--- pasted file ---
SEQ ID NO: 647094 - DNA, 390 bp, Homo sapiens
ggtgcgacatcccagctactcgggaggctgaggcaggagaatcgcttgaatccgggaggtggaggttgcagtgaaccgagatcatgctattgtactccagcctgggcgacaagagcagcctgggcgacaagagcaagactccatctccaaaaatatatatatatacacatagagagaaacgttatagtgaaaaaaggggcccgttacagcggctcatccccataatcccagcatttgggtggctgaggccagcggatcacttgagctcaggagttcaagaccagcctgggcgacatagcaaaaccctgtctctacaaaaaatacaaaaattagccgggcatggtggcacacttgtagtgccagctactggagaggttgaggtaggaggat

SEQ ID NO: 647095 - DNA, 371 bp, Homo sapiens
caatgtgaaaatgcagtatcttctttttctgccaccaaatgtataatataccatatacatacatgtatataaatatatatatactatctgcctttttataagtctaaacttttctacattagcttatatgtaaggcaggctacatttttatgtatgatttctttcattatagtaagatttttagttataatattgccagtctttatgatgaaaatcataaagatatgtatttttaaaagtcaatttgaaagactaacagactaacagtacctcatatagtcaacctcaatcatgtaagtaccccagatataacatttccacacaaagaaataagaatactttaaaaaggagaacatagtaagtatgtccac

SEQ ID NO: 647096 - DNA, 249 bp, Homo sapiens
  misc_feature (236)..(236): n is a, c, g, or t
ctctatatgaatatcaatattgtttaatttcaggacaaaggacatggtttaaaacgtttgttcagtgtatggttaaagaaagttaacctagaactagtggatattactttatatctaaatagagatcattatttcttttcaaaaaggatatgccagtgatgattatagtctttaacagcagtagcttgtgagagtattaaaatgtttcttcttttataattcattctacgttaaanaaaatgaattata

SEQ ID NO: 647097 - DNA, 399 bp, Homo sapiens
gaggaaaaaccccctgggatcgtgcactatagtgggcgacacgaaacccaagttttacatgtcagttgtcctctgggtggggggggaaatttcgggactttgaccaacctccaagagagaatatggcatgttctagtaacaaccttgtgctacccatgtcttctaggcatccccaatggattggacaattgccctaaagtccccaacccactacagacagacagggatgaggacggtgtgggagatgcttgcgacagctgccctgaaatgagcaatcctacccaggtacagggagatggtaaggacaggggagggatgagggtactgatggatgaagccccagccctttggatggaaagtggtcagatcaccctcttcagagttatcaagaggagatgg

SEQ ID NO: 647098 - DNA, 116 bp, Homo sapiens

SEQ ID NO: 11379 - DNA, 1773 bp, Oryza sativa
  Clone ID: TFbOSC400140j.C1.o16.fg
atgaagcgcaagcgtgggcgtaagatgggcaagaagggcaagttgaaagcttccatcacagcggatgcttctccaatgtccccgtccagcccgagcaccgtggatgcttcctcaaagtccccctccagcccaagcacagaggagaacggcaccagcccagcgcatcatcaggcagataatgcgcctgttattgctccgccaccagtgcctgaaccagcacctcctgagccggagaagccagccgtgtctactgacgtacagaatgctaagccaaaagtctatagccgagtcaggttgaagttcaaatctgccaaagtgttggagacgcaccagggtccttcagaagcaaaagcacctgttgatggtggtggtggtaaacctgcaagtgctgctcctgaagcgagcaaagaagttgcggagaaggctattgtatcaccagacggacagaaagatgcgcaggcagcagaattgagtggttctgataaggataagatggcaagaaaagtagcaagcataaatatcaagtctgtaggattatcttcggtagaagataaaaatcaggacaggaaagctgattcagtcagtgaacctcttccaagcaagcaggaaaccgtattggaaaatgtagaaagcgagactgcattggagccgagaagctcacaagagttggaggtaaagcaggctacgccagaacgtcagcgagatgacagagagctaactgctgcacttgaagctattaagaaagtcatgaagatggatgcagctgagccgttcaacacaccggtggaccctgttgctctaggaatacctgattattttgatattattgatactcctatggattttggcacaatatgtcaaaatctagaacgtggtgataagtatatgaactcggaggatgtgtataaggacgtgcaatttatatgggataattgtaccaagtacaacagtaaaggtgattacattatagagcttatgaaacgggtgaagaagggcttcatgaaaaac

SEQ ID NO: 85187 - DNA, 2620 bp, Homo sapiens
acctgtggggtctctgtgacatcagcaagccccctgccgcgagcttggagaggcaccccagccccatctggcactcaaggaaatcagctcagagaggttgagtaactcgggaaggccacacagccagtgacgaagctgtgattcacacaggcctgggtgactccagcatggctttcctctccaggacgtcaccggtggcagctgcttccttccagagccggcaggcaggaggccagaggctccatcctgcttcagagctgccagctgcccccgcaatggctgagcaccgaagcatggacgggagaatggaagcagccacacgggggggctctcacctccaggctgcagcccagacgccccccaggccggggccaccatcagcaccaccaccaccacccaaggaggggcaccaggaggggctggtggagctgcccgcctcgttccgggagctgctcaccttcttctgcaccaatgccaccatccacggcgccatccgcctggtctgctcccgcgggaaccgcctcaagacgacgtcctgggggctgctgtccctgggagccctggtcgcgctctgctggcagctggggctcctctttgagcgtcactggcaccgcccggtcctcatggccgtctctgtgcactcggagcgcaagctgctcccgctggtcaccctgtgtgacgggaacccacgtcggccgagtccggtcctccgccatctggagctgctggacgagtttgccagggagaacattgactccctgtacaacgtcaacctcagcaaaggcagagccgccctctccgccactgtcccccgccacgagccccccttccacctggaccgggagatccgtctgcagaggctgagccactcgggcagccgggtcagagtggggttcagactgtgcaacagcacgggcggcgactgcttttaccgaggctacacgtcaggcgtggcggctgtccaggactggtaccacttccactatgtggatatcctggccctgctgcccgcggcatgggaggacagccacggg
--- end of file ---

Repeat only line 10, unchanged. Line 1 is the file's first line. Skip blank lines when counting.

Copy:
SEQ ID NO: 647098 - DNA, 116 bp, Homo sapiens